The City Theatre launches their 2003-2004 season with the world premiere of String of Pearls by Michele Lowe (The Smell of the Kill). This is a clever, poignant and entertaining work. Well supported by set, lighting, direction, and cast, the production comes highly recommended.
The play follows a string of high quality pearls as it is (voluntarily and non-voluntarily) passed along from owner to owner. Through nearly a dozen scenes, we see the pearls make a difference in the lives of many women. In a piece such as this, one might cynically expect predictability, but Lowe is inventive with this structure. She offers unique and interesting characters and scenarios - all provided by a four member cast and minimal set pieces. Surprises, humor and a touch of fantasy in the plot and brisk pacing in the direction (Eric Simonson) prevent tedium from setting in during this one hour forty minute, one act play.
The first scene sets up the beginning of the trail of owners of the pearls; a grandmother (Helena Ruoti) wishes to give her pearls to her granddaughter (Rebecca Harris) who is about to be married, but she doesn't remember what happened to them. From there, we see how she originally got the pearls and how they were passed along from woman to woman, until ... well, the very end is a tad predictable, as we know the pearls will return to the initial owner as the play makes a circle as neatly as the clasped necklace itself. Thoughout the story, we meet women as mothers, daughters, wives and lovers, each of whom takes new meaning from the pearls. The few men in evidence are not treated with derision, but the spirit of the play is distinctly "pro-women."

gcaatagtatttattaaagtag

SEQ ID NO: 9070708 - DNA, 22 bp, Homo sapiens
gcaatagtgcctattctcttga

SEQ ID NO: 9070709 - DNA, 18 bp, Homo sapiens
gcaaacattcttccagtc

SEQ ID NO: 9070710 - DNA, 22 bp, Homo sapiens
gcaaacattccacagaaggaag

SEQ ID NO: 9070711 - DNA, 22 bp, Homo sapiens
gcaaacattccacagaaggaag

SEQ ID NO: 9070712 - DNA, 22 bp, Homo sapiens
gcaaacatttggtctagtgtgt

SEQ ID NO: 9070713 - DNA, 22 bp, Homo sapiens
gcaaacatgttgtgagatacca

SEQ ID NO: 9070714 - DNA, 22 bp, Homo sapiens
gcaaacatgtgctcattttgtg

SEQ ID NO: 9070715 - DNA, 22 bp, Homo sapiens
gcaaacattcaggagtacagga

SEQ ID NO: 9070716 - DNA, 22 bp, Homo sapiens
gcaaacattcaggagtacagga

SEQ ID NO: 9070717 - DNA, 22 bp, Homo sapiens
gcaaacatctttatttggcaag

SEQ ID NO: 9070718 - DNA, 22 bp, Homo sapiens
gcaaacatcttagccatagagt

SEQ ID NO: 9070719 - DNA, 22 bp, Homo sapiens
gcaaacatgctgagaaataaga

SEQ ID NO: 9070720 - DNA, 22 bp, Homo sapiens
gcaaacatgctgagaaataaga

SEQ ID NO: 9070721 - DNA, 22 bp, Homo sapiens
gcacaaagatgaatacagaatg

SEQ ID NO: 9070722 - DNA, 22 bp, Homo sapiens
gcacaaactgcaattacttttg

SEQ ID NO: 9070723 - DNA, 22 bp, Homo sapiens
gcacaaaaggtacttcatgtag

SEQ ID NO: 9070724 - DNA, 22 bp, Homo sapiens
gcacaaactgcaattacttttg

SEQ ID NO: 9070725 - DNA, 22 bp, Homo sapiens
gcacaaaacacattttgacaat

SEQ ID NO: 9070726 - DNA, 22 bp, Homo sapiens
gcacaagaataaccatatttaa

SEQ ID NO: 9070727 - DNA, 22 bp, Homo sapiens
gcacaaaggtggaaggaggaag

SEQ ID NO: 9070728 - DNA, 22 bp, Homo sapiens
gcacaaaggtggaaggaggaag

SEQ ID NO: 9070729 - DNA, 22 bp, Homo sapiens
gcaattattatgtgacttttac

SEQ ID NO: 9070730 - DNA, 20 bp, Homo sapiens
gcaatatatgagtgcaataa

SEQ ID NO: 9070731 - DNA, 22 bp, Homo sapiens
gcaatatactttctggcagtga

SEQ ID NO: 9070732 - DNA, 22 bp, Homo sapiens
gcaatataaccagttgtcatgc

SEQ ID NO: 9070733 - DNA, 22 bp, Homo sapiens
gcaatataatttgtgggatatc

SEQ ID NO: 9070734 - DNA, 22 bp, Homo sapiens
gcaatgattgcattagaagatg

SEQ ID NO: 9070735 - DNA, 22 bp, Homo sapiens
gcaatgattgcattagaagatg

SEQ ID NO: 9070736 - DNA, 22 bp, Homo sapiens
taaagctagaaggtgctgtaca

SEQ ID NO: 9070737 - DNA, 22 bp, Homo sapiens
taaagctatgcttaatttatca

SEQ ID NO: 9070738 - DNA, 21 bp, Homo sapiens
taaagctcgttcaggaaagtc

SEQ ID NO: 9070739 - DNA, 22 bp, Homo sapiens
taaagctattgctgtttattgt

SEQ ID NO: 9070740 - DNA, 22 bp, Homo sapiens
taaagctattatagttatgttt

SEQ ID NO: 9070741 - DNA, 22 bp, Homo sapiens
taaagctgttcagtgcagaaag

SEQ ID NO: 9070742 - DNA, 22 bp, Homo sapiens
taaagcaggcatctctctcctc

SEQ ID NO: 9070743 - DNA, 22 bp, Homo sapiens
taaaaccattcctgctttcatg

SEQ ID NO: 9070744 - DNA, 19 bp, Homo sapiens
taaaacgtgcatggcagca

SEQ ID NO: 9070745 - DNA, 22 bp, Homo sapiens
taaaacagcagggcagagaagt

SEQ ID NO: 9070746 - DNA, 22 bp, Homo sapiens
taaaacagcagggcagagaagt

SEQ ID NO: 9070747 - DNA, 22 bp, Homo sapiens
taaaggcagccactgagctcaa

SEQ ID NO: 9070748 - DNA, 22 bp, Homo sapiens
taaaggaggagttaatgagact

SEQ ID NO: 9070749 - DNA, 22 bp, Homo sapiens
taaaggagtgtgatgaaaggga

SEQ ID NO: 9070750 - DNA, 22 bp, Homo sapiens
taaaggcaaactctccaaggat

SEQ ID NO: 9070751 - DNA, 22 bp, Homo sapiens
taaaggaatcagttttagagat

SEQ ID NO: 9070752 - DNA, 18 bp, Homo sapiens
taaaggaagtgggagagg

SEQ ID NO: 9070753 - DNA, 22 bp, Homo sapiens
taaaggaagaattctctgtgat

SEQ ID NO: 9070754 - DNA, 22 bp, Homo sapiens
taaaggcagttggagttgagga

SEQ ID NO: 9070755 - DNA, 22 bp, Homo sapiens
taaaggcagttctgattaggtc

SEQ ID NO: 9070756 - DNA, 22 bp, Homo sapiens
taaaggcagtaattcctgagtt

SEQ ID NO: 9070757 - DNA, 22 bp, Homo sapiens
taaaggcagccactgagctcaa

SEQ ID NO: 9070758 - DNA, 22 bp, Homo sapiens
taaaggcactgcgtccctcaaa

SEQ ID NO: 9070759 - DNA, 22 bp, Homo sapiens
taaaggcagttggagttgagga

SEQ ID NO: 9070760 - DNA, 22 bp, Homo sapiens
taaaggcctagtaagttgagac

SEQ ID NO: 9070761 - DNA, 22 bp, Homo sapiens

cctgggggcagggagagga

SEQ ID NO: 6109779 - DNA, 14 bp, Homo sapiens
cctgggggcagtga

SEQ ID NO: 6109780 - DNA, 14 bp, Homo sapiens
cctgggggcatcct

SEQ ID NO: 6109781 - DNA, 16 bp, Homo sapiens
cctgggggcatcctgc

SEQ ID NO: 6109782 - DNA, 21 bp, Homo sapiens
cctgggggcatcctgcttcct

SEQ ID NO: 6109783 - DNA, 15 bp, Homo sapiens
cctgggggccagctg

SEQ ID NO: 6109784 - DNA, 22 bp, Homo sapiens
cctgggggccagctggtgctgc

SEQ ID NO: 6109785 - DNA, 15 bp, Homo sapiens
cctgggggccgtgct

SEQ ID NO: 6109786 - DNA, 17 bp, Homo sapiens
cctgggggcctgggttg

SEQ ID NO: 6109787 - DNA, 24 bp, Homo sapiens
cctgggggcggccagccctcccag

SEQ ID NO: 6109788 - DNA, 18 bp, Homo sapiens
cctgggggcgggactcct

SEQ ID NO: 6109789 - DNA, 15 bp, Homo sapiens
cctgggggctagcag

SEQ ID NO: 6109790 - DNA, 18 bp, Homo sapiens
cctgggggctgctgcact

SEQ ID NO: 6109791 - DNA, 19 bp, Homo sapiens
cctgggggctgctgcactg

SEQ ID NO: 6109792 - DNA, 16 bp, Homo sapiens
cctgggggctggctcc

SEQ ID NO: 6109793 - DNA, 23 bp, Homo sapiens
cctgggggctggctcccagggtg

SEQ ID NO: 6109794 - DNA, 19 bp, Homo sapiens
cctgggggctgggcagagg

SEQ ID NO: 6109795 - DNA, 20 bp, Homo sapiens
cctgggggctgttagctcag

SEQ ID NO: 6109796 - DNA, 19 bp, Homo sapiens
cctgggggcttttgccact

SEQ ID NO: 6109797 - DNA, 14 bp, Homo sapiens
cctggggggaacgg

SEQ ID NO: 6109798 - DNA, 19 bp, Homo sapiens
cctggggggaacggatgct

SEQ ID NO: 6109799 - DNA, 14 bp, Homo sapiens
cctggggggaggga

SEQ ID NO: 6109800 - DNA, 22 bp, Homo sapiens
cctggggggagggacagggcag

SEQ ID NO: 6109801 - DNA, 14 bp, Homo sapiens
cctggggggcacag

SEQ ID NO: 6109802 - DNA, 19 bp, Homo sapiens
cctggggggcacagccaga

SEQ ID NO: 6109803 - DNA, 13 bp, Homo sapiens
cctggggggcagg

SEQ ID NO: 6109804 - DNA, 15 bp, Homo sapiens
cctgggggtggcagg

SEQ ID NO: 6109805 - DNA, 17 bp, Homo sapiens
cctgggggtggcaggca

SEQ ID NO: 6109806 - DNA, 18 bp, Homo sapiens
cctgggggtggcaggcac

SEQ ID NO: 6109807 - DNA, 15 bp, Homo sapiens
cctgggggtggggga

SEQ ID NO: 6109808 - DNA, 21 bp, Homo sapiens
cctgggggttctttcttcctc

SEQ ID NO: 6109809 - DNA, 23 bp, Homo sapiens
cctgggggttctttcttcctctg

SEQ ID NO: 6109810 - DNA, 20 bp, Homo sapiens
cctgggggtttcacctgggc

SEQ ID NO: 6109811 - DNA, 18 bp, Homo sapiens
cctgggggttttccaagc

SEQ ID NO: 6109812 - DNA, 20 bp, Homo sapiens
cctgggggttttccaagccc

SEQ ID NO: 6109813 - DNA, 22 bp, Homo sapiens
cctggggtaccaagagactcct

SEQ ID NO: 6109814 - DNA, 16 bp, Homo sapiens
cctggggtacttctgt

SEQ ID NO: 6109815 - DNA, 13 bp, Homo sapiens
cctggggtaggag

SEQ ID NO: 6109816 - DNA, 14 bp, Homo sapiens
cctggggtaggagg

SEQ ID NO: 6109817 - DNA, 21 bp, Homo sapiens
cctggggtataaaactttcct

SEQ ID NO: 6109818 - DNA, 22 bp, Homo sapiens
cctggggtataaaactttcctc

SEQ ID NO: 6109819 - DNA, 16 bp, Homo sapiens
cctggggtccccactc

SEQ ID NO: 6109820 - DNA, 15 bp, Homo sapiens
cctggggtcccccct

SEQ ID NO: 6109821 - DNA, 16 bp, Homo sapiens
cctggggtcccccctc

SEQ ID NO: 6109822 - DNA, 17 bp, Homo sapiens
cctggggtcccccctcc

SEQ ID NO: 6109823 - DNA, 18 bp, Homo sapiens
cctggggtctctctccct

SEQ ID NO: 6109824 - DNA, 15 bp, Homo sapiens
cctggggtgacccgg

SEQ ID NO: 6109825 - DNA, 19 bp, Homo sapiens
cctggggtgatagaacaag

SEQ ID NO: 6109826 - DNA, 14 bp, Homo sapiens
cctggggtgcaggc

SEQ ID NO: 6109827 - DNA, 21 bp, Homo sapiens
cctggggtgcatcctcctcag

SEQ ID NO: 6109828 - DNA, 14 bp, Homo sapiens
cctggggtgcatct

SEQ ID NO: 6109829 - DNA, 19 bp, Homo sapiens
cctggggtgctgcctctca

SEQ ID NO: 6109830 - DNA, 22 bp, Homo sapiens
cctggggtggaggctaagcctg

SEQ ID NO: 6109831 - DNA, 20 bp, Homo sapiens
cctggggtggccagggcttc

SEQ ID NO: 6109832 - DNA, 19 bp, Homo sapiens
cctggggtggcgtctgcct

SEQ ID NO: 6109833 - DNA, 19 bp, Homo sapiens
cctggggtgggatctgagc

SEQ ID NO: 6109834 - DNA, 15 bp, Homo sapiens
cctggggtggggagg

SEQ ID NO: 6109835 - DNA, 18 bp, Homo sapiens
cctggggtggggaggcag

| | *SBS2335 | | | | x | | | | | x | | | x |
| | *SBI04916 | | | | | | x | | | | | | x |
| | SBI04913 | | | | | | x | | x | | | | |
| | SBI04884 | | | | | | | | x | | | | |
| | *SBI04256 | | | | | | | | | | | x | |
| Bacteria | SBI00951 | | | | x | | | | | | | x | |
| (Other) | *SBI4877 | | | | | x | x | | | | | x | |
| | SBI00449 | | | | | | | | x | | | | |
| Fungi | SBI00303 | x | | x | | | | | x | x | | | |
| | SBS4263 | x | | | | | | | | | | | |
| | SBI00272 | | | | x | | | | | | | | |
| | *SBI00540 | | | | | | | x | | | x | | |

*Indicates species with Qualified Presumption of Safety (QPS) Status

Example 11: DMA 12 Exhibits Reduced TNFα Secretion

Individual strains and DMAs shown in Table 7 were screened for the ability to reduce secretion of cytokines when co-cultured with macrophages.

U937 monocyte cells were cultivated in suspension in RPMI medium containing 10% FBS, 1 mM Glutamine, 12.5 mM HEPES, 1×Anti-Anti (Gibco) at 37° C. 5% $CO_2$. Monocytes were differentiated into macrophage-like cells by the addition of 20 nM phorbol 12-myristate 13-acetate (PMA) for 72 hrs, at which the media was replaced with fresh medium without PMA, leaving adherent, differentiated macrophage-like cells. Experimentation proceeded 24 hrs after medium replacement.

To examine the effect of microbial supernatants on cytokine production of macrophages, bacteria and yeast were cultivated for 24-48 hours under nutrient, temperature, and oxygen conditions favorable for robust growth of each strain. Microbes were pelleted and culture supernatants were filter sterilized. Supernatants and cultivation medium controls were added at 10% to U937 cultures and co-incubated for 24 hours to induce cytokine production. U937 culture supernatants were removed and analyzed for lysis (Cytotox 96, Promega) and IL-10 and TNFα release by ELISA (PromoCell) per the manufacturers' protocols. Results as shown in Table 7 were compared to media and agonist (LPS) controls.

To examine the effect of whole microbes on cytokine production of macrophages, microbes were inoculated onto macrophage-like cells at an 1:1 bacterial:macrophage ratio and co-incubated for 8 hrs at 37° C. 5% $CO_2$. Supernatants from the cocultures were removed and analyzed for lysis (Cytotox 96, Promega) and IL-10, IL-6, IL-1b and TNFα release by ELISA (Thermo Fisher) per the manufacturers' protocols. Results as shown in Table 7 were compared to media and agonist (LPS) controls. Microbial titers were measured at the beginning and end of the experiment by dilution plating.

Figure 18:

Ruoti and Harris are joined by Sheila McKenna and Sharon Washington, and all four provide well defined characters of many ages (with the barest of props and costuming) by changing body language, stature, and voice. Sheila McKenna, in particular, is quite a crowd pleaser with her portrayals of such diverse characters as a "supermom," a man, and a butch lesbian gravedigger. She makes an art of the masculine swagger.
The set by Loy Arcenas is stunning it its simplicity and effectiveness. Picture frame arches of decreasing size appear from proscenium to the back of the stage. Sliding partitions, four or five feet in width, are moved by cast members to change scenes and create the barest of physical setting for each vignette. Lighting by Thomas Hase is inspired and perfectly complements the other elements to illustrate how simplicity can be expressive. Costuming by Michael Olich is appropriate and accents the actors' characterizations.
A compelling story, striking production values, and a versatile cast make String of Pearls a rich evening of theatre.
String of Pearls has been extended through November 9 at the City Theatre. Call (412) 431-CITY